Had he been double-dealing in his conduct towards her, had he condescended to humour her in the least, her passionate love for him would have induced her to strip herself of all her possessions to add to his dignity or happiness. But although he felt the warmest affection for her, the regardlessness which she had taught him (by example, perhaps, more than by precept) of the feelings of others, was continually prompting him to do things that she, for the time being, resented as mortal affronts. He would mimic the clergyman she specially esteemed, even to his very face; he would refuse to visit her schools for months and months; and, when wearied into going at last, revenge himself by puzzling the children with the most ridiculous questions (gravely put) that he could imagine.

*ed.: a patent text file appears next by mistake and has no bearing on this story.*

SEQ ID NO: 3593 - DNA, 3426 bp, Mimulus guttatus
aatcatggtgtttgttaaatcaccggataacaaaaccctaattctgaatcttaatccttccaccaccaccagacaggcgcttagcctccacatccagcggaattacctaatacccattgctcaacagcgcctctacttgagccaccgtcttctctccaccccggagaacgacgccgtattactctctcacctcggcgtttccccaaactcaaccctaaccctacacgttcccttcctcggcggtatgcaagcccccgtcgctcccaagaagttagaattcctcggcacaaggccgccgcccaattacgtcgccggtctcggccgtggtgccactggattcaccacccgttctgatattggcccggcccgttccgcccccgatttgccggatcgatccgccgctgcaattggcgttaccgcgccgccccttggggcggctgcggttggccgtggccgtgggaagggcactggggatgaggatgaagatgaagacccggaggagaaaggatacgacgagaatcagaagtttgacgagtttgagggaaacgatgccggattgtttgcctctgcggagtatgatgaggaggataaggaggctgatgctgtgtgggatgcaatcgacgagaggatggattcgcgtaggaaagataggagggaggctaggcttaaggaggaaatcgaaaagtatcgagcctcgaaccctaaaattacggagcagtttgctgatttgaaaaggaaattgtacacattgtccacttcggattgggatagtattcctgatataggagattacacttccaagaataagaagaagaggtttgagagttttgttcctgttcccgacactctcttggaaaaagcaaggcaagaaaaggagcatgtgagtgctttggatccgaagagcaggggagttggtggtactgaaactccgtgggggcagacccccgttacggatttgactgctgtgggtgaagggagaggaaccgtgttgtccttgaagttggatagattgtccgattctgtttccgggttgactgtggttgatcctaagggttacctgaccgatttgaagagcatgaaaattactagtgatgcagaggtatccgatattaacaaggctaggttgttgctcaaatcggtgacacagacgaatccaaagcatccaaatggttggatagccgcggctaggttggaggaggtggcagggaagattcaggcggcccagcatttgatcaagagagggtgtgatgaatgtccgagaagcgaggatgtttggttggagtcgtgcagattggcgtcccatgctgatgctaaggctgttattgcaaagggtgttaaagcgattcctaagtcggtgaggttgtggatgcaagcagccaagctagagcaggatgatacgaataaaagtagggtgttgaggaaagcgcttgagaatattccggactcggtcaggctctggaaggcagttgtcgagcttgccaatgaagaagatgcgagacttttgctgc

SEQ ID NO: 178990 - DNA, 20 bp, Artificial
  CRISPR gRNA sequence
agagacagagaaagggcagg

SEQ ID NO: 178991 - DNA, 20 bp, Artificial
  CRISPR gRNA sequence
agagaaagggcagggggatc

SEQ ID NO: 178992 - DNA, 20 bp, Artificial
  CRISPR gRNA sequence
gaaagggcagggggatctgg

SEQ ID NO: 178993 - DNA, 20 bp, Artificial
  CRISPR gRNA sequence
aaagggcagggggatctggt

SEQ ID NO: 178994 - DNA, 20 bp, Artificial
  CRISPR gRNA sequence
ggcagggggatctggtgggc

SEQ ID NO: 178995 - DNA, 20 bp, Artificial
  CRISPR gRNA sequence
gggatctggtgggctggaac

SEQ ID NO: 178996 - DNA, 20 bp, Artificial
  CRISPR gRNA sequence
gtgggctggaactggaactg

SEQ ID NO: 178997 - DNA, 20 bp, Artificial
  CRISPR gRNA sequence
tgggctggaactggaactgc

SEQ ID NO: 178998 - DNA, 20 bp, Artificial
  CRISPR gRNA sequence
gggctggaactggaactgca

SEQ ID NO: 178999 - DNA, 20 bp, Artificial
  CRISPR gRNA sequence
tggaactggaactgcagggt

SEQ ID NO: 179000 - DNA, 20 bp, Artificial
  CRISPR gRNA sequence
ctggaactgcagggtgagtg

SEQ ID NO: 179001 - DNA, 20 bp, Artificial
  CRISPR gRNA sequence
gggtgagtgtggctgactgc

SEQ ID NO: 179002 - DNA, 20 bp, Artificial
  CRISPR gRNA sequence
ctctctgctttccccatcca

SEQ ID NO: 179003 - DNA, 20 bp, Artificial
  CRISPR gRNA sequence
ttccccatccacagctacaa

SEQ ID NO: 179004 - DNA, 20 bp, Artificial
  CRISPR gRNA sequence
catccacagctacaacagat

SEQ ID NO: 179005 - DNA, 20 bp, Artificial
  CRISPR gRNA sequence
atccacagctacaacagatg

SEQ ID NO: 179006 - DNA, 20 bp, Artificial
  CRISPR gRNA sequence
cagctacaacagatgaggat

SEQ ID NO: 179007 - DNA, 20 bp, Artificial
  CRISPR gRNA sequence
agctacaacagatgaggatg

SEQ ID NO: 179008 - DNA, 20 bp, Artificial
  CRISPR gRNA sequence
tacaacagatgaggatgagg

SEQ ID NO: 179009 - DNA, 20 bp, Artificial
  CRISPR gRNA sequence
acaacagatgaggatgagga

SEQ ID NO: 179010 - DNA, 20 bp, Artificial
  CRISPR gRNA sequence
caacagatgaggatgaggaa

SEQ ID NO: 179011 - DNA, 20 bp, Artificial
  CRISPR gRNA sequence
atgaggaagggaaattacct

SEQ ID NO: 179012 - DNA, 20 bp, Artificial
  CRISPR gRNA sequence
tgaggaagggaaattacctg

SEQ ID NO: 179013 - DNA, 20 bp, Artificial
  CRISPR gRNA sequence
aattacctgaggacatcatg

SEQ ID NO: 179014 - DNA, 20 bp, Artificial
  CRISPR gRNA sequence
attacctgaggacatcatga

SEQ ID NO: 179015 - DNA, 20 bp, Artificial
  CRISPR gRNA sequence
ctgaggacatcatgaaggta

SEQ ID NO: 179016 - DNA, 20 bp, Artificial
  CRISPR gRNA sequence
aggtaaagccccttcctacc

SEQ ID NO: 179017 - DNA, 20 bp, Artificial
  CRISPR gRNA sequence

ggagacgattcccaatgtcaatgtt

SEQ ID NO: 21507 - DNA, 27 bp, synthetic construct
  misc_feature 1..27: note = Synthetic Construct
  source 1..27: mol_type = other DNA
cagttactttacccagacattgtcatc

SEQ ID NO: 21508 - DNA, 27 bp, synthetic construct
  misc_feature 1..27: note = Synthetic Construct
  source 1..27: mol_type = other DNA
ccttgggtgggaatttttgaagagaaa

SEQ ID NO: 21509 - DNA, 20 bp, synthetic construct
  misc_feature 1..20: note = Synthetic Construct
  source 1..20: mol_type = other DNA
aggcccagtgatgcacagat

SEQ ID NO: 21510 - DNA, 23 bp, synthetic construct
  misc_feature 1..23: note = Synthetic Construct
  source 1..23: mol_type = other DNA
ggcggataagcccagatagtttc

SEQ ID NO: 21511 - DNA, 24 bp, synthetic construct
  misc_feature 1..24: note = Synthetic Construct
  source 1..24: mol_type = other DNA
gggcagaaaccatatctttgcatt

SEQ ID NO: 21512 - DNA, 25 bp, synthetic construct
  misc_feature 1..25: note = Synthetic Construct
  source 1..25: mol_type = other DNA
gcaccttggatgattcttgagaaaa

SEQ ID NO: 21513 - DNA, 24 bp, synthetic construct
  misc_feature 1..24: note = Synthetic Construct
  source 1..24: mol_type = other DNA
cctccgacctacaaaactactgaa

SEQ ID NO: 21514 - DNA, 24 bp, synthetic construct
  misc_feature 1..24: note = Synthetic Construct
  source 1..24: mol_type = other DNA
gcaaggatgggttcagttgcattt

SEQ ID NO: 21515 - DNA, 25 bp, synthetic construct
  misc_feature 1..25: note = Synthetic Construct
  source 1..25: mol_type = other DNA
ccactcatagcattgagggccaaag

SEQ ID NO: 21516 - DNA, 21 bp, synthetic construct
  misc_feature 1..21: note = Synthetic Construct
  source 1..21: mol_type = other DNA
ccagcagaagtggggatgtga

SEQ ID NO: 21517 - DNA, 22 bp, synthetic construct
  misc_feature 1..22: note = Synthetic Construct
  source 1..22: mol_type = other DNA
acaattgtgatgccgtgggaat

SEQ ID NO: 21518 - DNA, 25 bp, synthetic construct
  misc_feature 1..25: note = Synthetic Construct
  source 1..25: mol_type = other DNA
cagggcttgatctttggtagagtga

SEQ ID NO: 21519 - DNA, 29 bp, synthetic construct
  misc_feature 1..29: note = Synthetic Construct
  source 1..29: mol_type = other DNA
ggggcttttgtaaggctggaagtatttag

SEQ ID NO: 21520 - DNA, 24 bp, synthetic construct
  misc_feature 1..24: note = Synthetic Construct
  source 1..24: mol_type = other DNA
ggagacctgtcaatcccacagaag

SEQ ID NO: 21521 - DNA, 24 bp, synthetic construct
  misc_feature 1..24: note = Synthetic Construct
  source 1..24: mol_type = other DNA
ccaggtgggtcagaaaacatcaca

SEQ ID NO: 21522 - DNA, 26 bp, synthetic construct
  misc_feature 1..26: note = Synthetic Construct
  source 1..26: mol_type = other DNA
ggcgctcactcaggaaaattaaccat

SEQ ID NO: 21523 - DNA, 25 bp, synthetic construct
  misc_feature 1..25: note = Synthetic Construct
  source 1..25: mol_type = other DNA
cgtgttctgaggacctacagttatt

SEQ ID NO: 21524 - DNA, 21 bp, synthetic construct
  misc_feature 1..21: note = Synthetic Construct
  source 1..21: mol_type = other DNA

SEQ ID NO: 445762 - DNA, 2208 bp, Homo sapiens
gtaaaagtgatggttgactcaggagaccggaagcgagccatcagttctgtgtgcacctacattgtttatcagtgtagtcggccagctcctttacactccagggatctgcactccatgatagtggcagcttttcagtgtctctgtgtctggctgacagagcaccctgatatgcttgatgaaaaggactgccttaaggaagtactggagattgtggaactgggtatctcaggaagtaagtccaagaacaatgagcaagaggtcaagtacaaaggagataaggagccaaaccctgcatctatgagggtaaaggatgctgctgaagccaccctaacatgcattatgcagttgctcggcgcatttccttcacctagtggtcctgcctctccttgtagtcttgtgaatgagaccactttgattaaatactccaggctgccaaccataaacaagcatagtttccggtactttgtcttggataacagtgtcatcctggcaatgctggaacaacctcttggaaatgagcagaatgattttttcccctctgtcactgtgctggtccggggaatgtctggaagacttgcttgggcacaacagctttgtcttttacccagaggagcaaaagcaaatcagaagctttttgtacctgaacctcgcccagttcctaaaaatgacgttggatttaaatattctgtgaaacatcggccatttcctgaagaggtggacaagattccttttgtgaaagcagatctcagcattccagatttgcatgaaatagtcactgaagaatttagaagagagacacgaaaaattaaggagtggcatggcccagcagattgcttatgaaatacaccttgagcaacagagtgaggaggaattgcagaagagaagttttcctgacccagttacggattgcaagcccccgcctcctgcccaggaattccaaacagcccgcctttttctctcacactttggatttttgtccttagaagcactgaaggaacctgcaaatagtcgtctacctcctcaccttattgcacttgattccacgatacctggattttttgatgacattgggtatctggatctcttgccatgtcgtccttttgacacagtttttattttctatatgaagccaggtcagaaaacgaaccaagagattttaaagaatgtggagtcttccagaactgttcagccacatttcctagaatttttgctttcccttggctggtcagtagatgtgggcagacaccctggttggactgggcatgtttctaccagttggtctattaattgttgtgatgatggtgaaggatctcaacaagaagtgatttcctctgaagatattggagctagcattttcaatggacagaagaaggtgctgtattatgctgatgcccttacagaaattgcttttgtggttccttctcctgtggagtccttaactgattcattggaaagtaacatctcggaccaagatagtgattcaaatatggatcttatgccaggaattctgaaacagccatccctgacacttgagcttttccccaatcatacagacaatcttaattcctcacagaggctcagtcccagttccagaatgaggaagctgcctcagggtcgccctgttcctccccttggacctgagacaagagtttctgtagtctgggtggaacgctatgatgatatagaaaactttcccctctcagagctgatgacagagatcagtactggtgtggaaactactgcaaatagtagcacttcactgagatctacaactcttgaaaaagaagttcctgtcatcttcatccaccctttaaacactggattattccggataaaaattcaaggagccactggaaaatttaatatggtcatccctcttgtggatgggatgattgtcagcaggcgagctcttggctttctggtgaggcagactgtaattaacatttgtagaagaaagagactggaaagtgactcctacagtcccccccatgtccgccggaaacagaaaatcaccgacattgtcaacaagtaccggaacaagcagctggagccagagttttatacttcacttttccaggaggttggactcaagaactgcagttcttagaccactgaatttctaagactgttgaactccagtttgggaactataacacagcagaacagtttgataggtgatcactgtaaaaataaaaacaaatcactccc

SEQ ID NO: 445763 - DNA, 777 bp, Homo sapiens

All these boyish tricks annoyed and irritated her far more than the accounts which reached her of more serious misdoings at college and in town. Of these grave offences she never spoke; of the smaller misdeeds she hardly ever ceased speaking.
Still, at times, she had great influence over him, and nothing delighted her more than to exercise it. The submission of his will to hers was sure to be liberally rewarded; for it gave her great happiness to extort, from his indifference or his affection, the concessions which she never sought by force of reason, or by appeals to principle--concessions which he frequently withheld, solely for the sake of asserting his independence of her control.